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Greentec discusses e-waste recycling

December 9, 2016

greenteclogoThe Canadian aftermarket company explained why e-waste recycling is important to its customers.

In an article, What is e-waste recycling?, the company stated that “as we’re sure you’ve noticed technology is not built to last. In fact, it’s designed to become obsolete or to break after a certain number of years/uses to encourage repeat purchases”. It questioned if users “know that your electronics are full of dangerous chemicals and materials that are harmful to us and the planet if not disposed of properly?”

It went on to point out that “in a world where electronic devices such as computers, cellphones, laptops and tablets have become an active part of everyday life it’s more important than ever that businesses, institutions, large and small enterprises and the general public know how to safely and securely deal with their e-waste”.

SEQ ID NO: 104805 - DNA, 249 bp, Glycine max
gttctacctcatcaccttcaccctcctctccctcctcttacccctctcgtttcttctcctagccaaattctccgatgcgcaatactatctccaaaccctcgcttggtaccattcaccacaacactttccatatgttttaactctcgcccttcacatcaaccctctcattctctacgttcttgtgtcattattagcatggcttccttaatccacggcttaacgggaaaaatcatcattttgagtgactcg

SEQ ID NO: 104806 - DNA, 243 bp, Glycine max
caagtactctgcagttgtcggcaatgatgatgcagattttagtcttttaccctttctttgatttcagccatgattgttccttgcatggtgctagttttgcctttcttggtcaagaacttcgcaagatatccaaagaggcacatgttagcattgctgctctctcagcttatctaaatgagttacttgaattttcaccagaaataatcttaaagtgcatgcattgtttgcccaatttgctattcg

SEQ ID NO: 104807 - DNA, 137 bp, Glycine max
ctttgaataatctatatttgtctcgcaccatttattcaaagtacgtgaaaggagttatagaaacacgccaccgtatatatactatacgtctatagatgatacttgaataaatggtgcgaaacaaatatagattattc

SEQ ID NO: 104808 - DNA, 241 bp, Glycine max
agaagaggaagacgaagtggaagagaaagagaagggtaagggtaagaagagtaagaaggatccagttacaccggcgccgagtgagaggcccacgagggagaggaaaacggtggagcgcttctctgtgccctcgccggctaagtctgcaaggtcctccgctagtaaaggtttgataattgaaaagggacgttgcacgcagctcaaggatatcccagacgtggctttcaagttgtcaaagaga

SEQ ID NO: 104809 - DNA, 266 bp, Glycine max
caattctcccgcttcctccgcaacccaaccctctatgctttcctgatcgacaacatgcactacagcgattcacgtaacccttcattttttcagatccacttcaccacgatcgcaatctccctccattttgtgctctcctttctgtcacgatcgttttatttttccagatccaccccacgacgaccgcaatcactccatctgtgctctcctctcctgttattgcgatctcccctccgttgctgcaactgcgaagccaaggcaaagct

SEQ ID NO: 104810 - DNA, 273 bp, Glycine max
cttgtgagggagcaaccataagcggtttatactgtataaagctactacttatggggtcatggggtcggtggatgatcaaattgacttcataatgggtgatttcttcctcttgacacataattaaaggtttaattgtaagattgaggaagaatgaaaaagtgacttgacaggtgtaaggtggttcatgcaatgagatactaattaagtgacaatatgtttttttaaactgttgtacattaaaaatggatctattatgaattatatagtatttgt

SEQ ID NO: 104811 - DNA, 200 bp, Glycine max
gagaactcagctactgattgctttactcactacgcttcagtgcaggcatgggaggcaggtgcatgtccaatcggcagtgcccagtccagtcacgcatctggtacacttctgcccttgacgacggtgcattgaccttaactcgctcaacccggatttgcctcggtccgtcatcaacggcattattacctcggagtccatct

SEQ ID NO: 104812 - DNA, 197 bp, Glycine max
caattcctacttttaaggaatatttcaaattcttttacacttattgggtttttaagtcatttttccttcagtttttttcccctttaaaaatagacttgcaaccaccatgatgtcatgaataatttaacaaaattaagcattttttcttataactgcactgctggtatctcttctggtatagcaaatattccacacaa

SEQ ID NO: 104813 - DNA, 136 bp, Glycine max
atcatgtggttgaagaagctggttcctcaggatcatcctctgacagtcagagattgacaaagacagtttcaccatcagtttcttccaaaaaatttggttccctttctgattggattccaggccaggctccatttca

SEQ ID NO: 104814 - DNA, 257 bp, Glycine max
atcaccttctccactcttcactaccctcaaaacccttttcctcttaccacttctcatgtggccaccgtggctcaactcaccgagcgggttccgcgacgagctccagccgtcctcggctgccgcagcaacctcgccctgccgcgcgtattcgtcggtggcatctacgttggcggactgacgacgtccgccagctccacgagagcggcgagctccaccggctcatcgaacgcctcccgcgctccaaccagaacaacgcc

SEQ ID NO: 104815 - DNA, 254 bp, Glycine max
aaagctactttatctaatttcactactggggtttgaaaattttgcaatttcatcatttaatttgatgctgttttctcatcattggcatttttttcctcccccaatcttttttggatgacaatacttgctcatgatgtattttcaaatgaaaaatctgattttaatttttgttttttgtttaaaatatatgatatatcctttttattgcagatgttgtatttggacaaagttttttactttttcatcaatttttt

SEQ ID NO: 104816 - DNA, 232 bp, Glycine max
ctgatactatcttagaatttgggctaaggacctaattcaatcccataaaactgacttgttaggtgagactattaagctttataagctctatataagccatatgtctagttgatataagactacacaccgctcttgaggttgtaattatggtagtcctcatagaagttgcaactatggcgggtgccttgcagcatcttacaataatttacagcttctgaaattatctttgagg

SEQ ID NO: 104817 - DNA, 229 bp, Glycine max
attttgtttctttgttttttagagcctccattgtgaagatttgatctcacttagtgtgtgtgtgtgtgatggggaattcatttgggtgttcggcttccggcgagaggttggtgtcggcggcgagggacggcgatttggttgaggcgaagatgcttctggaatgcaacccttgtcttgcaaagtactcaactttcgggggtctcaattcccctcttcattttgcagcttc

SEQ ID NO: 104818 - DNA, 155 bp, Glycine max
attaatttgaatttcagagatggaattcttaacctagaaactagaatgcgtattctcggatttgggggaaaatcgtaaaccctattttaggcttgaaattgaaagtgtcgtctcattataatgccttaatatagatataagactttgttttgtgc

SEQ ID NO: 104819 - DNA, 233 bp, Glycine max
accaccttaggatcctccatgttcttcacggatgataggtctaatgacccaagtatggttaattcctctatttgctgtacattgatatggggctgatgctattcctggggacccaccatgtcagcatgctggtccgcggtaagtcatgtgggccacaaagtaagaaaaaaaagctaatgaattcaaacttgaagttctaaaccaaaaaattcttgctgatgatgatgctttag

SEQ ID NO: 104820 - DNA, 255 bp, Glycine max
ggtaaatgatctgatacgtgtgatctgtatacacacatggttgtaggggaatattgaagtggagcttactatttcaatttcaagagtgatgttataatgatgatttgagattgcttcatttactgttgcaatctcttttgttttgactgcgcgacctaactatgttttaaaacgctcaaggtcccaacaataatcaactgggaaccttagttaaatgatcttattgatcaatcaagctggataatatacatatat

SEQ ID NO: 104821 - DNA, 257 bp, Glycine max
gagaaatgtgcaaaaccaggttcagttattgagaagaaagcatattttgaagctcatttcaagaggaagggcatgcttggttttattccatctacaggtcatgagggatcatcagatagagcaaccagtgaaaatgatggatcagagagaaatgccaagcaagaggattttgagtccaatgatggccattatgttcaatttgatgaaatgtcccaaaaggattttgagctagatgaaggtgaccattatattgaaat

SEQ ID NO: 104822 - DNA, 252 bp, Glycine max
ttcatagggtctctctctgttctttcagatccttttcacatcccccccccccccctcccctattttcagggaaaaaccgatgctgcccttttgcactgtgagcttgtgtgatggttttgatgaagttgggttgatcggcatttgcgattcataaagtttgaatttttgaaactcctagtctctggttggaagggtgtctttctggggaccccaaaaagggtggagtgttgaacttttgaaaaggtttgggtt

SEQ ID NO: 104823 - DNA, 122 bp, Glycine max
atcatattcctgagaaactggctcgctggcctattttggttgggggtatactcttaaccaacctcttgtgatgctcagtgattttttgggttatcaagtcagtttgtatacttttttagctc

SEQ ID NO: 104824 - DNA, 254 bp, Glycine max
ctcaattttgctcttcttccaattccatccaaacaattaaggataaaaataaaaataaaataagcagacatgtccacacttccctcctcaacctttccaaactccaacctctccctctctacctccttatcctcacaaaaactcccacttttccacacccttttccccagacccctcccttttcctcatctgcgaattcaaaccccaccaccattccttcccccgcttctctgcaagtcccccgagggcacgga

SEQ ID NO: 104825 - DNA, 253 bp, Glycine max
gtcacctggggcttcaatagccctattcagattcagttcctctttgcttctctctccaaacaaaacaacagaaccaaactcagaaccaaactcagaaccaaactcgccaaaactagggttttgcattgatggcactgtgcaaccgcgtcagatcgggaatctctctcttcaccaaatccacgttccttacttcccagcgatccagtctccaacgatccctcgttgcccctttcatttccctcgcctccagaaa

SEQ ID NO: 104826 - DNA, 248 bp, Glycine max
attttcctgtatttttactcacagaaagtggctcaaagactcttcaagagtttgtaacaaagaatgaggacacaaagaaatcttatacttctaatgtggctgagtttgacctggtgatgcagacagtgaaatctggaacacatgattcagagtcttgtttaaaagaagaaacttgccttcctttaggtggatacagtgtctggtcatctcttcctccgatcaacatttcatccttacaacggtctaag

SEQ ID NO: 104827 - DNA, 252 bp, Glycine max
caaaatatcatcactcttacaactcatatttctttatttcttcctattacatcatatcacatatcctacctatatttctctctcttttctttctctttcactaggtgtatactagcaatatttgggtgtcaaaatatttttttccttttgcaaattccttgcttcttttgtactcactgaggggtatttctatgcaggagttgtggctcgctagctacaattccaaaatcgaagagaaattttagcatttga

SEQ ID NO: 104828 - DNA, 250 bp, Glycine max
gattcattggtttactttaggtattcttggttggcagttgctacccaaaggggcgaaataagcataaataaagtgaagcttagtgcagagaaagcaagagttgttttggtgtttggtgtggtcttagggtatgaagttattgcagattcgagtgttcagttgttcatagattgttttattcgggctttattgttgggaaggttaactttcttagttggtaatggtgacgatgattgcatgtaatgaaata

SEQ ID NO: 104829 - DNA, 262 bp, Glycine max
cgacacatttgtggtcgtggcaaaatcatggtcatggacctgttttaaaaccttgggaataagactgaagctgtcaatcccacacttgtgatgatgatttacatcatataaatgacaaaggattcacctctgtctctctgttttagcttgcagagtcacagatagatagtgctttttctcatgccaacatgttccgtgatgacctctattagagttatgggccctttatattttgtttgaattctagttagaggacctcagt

Following on from this, it points out that “e-waste recycling is the term used to describe the disposal of all electronics in a safe, secure and regulated way that helps keep these devices from piling up in landfills or being shipped to foreign countries”. Greentec also noted that “at its most basic level, companies who mange this process, much like the kind of recycling we all know in our everyday lives, will collect e-waste in large trucks [and] process it in a safe and secure facility”.

These companies then “either resell devices that are functioning or destroy them and mine them for parts to be sold”, Greentec pointing out that “either way, it’s an important process that keeps the planet a little bit cleaner, safer and bonus – it’s a process that can make you and your business some money”.

It concluded by sharing an infographic that discusses Canadian e-waste statistics, including that 45 percent of e-waste in the country is stored or reused, 11 percent is recycled and the remainder is “sent to landfill”, with household appliances making up the most – 30 percent – of the e-waste created. Consumer electronics make up 15 percent meanwhile, and 125 million kilogrammes of e-waste ends up in Canadian landfills a year, around 4.5 kilogrammes per person.

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